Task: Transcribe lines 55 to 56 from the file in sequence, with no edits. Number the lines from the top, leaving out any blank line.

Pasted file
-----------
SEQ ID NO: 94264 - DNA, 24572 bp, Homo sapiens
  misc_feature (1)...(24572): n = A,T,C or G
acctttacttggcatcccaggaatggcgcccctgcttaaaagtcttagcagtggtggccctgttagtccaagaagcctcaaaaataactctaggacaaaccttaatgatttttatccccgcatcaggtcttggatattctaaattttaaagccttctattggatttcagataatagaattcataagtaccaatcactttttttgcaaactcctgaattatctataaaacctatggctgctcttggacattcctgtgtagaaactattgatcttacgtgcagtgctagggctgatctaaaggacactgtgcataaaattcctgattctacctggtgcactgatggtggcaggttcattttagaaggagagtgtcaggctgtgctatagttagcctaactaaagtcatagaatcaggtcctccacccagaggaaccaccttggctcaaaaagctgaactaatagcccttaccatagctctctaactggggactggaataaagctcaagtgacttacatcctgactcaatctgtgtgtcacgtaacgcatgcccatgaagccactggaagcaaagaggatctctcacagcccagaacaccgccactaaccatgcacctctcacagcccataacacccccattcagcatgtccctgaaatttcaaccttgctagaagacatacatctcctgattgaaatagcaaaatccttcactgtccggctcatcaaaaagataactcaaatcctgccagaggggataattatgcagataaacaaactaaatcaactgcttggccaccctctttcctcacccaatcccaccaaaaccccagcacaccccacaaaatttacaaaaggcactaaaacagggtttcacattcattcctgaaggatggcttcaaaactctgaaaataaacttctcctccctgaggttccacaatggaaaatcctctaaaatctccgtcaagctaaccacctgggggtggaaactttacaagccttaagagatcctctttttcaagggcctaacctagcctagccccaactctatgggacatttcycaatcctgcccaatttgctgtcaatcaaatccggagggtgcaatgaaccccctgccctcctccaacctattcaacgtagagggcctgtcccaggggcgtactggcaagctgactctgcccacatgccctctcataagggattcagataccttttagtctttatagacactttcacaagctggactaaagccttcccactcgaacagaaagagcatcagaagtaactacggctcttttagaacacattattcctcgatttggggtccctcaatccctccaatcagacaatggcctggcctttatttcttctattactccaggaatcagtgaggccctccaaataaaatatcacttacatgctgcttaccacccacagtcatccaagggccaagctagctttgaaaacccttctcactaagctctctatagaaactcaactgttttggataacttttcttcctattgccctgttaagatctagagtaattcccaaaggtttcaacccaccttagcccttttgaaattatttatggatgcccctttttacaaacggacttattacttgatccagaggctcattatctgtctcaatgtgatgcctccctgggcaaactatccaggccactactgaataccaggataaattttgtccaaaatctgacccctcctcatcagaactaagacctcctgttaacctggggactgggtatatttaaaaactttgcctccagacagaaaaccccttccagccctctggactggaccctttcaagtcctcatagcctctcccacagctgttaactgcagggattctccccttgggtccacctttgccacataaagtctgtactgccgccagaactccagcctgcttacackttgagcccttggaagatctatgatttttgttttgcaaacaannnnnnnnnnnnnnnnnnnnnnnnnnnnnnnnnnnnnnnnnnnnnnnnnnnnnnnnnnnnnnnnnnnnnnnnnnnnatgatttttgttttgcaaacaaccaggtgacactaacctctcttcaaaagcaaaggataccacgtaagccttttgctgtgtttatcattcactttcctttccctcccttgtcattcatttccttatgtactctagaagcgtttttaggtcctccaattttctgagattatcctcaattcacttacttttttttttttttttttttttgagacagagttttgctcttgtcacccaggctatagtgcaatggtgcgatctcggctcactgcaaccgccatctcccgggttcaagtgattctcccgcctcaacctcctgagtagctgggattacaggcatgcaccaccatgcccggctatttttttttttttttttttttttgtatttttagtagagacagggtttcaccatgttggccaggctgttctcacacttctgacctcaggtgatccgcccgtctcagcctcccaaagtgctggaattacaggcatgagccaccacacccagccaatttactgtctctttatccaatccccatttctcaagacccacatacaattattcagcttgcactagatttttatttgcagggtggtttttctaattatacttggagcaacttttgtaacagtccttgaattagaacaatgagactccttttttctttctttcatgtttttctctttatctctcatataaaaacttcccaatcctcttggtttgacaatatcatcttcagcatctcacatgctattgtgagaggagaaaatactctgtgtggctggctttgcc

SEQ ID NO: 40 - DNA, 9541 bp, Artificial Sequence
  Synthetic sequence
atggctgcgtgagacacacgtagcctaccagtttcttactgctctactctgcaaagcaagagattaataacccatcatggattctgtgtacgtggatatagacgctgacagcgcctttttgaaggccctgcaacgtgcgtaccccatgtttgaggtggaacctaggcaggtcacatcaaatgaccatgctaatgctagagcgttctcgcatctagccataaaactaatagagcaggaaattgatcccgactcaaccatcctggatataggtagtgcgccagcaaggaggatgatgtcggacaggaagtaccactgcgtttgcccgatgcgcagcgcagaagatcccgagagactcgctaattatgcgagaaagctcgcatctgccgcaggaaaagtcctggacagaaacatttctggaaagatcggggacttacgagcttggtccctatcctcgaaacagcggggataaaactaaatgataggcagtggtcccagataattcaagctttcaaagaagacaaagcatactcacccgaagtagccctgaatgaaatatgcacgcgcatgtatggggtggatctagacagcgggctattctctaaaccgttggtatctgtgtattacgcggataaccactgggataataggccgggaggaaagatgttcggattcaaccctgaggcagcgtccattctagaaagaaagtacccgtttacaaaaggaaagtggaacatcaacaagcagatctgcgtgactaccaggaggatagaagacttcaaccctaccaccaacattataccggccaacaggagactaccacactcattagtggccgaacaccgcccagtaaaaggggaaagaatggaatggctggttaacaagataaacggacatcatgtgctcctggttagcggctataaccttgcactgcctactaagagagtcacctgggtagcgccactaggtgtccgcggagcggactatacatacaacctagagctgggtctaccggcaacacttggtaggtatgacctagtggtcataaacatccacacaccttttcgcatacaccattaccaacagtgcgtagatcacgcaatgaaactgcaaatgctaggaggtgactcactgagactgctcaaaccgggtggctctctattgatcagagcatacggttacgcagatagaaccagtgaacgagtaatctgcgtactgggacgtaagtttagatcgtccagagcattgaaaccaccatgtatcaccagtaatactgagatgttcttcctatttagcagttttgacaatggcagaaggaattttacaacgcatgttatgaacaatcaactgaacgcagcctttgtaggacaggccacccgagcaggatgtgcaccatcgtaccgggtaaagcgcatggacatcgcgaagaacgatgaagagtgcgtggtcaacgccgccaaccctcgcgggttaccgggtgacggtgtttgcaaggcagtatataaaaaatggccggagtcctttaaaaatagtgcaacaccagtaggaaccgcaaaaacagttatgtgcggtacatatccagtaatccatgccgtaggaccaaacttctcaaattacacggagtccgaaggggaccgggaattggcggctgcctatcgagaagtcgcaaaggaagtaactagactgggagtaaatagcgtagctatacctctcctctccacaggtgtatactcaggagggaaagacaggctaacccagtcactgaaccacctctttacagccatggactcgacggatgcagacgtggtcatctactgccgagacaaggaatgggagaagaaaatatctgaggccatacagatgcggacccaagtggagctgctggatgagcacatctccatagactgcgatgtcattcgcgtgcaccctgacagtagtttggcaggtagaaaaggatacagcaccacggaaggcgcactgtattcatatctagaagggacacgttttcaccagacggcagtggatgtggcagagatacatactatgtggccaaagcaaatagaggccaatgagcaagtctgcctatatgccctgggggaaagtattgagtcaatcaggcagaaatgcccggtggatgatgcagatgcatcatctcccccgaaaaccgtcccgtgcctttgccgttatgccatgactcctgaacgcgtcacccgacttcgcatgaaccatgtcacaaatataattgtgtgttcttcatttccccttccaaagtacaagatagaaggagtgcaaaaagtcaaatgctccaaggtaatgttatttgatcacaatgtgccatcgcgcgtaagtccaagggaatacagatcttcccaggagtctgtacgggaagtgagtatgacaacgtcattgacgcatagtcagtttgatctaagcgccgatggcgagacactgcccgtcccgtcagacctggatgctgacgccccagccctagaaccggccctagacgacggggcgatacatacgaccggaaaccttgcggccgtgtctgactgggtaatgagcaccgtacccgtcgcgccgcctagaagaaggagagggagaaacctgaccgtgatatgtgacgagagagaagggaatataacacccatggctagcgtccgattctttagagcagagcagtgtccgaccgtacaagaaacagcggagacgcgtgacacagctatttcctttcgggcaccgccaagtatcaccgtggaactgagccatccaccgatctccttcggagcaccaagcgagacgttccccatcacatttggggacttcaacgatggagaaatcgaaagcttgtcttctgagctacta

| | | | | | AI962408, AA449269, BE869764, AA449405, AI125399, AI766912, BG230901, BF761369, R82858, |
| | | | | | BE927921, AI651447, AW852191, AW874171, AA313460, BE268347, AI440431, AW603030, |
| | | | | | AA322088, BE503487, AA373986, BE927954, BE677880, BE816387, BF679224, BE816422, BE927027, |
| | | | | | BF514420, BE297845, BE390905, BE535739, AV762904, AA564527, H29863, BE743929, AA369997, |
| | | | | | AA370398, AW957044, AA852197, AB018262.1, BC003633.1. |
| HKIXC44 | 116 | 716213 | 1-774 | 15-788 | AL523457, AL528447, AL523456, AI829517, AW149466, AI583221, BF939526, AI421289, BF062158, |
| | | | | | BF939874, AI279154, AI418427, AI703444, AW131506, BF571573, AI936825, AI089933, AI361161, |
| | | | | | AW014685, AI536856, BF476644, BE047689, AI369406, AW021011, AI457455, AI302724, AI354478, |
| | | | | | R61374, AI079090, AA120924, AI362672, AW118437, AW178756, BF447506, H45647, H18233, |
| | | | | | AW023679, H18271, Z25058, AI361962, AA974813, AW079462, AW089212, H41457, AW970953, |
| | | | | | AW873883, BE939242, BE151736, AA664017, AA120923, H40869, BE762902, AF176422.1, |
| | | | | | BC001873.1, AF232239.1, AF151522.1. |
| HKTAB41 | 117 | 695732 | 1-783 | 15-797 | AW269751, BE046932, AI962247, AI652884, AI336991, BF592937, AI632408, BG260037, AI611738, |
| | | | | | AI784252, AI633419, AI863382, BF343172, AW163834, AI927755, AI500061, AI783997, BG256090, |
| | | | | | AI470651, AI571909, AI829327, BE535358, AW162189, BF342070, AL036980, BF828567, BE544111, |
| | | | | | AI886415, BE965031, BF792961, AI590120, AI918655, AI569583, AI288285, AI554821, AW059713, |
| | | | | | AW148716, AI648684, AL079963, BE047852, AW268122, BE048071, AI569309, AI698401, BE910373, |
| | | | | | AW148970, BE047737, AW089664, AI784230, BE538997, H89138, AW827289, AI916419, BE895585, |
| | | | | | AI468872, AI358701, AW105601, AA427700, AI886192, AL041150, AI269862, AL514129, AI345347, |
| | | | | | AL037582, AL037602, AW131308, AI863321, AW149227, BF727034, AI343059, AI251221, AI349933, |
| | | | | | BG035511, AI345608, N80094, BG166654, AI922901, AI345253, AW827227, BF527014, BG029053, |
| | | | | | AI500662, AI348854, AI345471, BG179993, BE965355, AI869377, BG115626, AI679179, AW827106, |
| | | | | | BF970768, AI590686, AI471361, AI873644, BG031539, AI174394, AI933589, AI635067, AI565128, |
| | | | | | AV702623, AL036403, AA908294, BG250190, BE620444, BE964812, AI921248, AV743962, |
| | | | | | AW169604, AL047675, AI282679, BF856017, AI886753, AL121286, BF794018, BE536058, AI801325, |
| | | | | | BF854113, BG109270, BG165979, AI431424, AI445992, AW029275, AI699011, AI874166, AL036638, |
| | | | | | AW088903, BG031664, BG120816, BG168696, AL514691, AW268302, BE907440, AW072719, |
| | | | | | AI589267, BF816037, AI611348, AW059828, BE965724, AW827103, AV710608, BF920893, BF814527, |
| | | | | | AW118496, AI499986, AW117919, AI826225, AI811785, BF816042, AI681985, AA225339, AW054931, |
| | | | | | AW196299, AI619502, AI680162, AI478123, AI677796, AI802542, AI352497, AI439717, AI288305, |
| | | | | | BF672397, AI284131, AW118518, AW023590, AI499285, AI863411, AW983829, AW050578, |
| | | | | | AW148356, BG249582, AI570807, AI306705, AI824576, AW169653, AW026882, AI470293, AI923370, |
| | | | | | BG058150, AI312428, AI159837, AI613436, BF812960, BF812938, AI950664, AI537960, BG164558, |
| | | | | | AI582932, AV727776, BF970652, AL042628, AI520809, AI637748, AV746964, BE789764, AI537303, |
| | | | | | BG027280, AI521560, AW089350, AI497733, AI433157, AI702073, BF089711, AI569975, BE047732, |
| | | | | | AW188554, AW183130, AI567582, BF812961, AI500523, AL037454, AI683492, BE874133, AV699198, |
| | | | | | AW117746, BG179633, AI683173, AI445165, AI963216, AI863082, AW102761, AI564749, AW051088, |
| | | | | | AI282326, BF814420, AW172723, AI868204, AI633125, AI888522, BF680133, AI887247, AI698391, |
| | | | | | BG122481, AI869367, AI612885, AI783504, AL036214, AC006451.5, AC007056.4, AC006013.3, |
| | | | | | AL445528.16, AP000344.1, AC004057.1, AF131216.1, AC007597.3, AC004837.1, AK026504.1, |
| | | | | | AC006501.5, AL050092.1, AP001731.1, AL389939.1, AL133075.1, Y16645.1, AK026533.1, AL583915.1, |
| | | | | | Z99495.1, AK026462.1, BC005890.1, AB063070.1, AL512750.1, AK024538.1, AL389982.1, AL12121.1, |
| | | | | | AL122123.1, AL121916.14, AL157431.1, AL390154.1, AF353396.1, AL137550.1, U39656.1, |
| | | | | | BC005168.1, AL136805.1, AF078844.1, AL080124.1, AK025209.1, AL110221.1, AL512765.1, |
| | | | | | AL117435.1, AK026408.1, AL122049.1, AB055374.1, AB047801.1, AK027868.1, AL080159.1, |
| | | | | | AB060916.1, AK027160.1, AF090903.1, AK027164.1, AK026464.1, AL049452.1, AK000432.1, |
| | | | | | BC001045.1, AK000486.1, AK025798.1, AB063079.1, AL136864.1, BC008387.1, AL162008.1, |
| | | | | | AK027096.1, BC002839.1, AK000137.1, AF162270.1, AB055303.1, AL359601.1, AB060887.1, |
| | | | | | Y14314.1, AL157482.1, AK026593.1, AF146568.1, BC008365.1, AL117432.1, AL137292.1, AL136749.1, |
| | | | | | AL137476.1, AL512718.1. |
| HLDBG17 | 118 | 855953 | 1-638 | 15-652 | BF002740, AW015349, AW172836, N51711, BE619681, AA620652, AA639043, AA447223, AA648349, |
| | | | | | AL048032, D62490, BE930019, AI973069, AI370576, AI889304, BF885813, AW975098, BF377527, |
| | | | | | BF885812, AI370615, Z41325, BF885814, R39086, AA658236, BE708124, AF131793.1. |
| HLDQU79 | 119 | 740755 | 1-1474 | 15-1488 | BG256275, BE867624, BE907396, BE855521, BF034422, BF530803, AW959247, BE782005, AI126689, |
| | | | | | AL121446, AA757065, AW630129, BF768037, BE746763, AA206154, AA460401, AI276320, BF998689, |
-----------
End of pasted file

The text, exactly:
| | | | | | Y14314.1, AL157482.1, AK026593.1, AF146568.1, BC008365.1, AL117432.1, AL137292.1, AL136749.1, |
| | | | | | AL137476.1, AL512718.1. |